* *

Nervously, April took a deep breath and pushed the doorbell. Dressed in jeans and a tee shirt, she wanted to look friendly but not eager.

The door opened, Kirk stood before her holding a paint roller in his hand, paint splattered all over him.

Shock flashed across his face. “It can’t be six o’clock?”

Fascinated by the blue specks in his hair, April questioned. “Is it a bad time?”

He stepped back, ushering her into the house. “No, its just I–forgot the time.”

“I…” Seeing the living room in total disarray with furniture piled in the middle of the room, a plastic tarps lying next to a half-painted wall, April paused. “Maybe I should come back later?”

He blocked the door. “I can have it cleaned up in a minute. All I need to do is pour the paint back in the can, and clean out the roller. Then we can turn on the movie.” He hurried past her.

“But Kirk, you’re not finished. You don’t want to have to drag all this stuff back out tomorrow.” April argued.

“It’s no big deal. I can leave it like this.”

Her eyes roamed the room. “This type of chaos drove Janet wild. She likes things to be neat and tidy with no changes to upset her peaceful tranquility.”

Considering all work he had accomplished, April continued. “I could never understand why? I think it might be nice to change things up ever so often. It’s what makes a house a home.”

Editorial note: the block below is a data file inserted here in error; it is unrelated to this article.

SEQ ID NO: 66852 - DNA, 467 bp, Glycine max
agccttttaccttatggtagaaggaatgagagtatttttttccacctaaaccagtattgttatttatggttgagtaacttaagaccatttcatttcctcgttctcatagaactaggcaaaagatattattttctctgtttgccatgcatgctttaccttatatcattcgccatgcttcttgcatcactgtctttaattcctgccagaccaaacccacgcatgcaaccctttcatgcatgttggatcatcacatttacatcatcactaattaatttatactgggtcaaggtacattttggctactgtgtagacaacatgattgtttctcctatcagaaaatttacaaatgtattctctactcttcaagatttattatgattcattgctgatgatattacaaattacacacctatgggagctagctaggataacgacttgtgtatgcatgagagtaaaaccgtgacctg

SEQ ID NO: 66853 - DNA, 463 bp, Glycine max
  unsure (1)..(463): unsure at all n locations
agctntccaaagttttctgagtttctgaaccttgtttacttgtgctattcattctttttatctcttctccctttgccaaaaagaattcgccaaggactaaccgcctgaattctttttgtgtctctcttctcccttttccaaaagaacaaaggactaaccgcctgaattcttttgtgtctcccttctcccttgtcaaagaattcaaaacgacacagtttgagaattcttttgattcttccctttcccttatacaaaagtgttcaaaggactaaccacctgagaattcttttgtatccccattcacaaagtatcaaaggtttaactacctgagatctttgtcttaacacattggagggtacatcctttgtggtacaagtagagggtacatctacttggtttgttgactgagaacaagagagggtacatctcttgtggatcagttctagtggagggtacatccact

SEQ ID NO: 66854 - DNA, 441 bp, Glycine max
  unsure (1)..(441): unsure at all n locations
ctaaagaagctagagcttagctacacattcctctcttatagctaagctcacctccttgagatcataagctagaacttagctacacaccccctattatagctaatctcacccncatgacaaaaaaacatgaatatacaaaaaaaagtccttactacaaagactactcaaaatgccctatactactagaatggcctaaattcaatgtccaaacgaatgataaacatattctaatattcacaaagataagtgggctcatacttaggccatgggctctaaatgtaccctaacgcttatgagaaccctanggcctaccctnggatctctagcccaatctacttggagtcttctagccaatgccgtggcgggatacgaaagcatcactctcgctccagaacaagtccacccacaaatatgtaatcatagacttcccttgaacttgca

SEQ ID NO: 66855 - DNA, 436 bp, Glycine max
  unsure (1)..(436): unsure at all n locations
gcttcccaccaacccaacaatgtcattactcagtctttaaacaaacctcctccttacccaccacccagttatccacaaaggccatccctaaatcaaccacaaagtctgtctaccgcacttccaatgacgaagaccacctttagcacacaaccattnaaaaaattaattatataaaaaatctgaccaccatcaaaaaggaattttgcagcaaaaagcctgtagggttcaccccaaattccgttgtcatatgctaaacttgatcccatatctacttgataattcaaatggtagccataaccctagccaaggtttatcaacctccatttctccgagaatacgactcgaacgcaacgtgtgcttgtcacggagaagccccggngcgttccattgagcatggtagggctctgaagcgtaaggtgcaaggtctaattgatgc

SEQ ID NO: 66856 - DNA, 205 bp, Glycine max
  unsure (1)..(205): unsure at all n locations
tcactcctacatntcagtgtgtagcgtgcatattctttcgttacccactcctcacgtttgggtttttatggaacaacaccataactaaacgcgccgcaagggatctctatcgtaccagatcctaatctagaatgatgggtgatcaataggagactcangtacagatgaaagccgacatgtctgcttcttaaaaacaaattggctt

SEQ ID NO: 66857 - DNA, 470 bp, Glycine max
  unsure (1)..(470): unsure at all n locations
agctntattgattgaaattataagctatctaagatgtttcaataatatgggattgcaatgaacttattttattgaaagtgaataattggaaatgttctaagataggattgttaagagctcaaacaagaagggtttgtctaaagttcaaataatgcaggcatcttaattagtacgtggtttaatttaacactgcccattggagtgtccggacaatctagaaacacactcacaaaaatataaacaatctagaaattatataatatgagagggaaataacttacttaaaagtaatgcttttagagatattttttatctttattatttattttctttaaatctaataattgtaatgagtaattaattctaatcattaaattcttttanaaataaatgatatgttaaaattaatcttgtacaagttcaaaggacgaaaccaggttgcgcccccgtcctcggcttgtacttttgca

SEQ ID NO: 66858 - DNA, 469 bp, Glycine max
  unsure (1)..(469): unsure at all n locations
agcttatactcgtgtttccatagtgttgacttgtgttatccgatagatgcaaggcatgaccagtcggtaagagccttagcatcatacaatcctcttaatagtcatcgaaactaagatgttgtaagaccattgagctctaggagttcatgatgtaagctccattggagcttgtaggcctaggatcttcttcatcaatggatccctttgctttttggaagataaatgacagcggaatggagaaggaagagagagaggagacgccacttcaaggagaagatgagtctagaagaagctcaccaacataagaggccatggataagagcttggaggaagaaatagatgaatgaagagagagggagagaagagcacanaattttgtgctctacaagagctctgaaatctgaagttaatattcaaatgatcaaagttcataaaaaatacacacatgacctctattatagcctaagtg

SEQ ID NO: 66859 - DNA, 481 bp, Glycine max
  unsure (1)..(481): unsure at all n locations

He studied her for a moment over the paint can before he replied. “It makes a mess.”

“Funny, I always enjoyed a little adventure in my life.”

He looked up again, their eyes met. In that moment, something passed between them. April wasn’t sure what it was, but she felt the spark of electricity.

With a wicked grin, Kirk asked. “Wanna get messy?”

Tina Ralph
OCC/RWA Membership Director

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This Gidget Finally Gets Her Moondoggie:

February 6, 2006 by in category Archives tagged as , ,

By Bobbie Cimo

I think every girl growing up wishes she was like someone she has seen in the movies. Well, I was no exception to the rule. The moment I saw the original Gidget, starring Sandra Dee, I fell in with the character and with of course, her leading man, Moondoggie. Moondoggies have come and gone, but to me, nothing compares to the original one, James Darren. Or as his friends call him, Jimmy. Me, I just call him Gorgeous.